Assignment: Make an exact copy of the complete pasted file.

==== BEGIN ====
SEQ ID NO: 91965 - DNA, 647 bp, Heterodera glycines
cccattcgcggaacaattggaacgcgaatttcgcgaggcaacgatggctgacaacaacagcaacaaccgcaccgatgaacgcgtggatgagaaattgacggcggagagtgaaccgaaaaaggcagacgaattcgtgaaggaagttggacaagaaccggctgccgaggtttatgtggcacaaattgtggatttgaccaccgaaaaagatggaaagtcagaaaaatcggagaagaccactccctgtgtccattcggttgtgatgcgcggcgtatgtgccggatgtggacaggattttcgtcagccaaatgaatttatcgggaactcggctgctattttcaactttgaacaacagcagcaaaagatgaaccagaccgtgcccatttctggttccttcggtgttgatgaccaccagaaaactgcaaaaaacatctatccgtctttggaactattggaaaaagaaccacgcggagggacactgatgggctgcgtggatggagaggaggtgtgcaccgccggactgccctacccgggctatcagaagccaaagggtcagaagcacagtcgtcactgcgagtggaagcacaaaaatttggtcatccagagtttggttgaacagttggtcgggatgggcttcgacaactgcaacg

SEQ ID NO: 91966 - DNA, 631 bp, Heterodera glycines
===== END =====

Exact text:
SEQ ID NO: 91965 - DNA, 647 bp, Heterodera glycines
cccattcgcggaacaattggaacgcgaatttcgcgaggcaacgatggctgacaacaacagcaacaaccgcaccgatgaacgcgtggatgagaaattgacggcggagagtgaaccgaaaaaggcagacgaattcgtgaaggaagttggacaagaaccggctgccgaggtttatgtggcacaaattgtggatttgaccaccgaaaaagatggaaagtcagaaaaatcggagaagaccactccctgtgtccattcggttgtgatgcgcggcgtatgtgccggatgtggacaggattttcgtcagccaaatgaatttatcgggaactcggctgctattttcaactttgaacaacagcagcaaaagatgaaccagaccgtgcccatttctggttccttcggtgttgatgaccaccagaaaactgcaaaaaacatctatccgtctttggaactattggaaaaagaaccacgcggagggacactgatgggctgcgtggatggagaggaggtgtgcaccgccggactgccctacccgggctatcagaagccaaagggtcagaagcacagtcgtcactgcgagtggaagcacaaaaatttggtcatccagagtttggttgaacagttggtcgggatgggcttcgacaactgcaacg

SEQ ID NO: 91966 - DNA, 631 bp, Heterodera glycines